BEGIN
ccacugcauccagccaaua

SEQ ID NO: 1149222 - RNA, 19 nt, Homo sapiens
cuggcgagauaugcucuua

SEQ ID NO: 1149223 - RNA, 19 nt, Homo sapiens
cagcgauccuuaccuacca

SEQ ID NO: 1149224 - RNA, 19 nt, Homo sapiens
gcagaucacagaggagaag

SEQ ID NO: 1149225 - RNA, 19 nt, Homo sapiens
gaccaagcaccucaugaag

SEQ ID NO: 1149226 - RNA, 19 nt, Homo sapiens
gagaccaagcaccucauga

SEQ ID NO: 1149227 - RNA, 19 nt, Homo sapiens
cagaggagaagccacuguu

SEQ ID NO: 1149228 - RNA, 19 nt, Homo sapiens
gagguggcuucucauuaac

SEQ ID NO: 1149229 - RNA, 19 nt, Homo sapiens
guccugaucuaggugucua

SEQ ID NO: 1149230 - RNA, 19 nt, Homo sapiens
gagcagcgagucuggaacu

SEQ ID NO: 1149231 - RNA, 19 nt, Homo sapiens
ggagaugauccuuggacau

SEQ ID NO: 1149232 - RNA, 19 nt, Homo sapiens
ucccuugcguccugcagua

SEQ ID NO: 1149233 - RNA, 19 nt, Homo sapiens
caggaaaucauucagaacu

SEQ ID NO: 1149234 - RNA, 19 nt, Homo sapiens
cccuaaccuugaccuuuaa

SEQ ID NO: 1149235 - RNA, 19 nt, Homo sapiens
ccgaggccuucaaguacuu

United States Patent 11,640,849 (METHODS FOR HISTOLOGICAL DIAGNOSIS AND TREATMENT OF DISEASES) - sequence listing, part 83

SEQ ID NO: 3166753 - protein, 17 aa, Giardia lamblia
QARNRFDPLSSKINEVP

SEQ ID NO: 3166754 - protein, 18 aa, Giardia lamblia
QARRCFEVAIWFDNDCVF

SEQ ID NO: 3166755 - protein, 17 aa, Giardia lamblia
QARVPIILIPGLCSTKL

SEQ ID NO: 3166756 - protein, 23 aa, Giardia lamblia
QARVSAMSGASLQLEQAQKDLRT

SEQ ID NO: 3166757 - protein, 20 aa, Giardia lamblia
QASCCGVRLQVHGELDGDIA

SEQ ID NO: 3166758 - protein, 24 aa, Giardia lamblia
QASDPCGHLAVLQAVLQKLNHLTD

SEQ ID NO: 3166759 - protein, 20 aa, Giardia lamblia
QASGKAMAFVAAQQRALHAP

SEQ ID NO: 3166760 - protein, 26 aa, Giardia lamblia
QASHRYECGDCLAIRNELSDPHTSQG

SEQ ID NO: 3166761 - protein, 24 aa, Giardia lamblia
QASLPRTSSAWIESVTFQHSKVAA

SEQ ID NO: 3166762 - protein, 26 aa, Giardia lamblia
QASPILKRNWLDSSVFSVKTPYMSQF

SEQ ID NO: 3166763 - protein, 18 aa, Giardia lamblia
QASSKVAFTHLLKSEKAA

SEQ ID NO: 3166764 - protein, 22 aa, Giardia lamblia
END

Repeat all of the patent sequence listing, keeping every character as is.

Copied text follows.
ccacugcauccagccaaua

SEQ ID NO: 1149222 - RNA, 19 nt, Homo sapiens
cuggcgagauaugcucuua

SEQ ID NO: 1149223 - RNA, 19 nt, Homo sapiens
cagcgauccuuaccuacca

SEQ ID NO: 1149224 - RNA, 19 nt, Homo sapiens
gcagaucacagaggagaag

SEQ ID NO: 1149225 - RNA, 19 nt, Homo sapiens
gaccaagcaccucaugaag

SEQ ID NO: 1149226 - RNA, 19 nt, Homo sapiens
gagaccaagcaccucauga

SEQ ID NO: 1149227 - RNA, 19 nt, Homo sapiens
cagaggagaagccacuguu

SEQ ID NO: 1149228 - RNA, 19 nt, Homo sapiens
gagguggcuucucauuaac

SEQ ID NO: 1149229 - RNA, 19 nt, Homo sapiens
guccugaucuaggugucua

SEQ ID NO: 1149230 - RNA, 19 nt, Homo sapiens
gagcagcgagucuggaacu

SEQ ID NO: 1149231 - RNA, 19 nt, Homo sapiens
ggagaugauccuuggacau

SEQ ID NO: 1149232 - RNA, 19 nt, Homo sapiens
ucccuugcguccugcagua

SEQ ID NO: 1149233 - RNA, 19 nt, Homo sapiens
caggaaaucauucagaacu

SEQ ID NO: 1149234 - RNA, 19 nt, Homo sapiens
cccuaaccuugaccuuuaa

SEQ ID NO: 1149235 - RNA, 19 nt, Homo sapiens
ccgaggccuucaaguacuu

United States Patent 11,640,849 (METHODS FOR HISTOLOGICAL DIAGNOSIS AND TREATMENT OF DISEASES) - sequence listing, part 83

SEQ ID NO: 3166753 - protein, 17 aa, Giardia lamblia
QARNRFDPLSSKINEVP

SEQ ID NO: 3166754 - protein, 18 aa, Giardia lamblia
QARRCFEVAIWFDNDCVF

SEQ ID NO: 3166755 - protein, 17 aa, Giardia lamblia
QARVPIILIPGLCSTKL

SEQ ID NO: 3166756 - protein, 23 aa, Giardia lamblia
QARVSAMSGASLQLEQAQKDLRT

SEQ ID NO: 3166757 - protein, 20 aa, Giardia lamblia
QASCCGVRLQVHGELDGDIA

SEQ ID NO: 3166758 - protein, 24 aa, Giardia lamblia
QASDPCGHLAVLQAVLQKLNHLTD

SEQ ID NO: 3166759 - protein, 20 aa, Giardia lamblia
QASGKAMAFVAAQQRALHAP

SEQ ID NO: 3166760 - protein, 26 aa, Giardia lamblia
QASHRYECGDCLAIRNELSDPHTSQG

SEQ ID NO: 3166761 - protein, 24 aa, Giardia lamblia
QASLPRTSSAWIESVTFQHSKVAA

SEQ ID NO: 3166762 - protein, 26 aa, Giardia lamblia
QASPILKRNWLDSSVFSVKTPYMSQF

SEQ ID NO: 3166763 - protein, 18 aa, Giardia lamblia
QASSKVAFTHLLKSEKAA

SEQ ID NO: 3166764 - protein, 22 aa, Giardia lamblia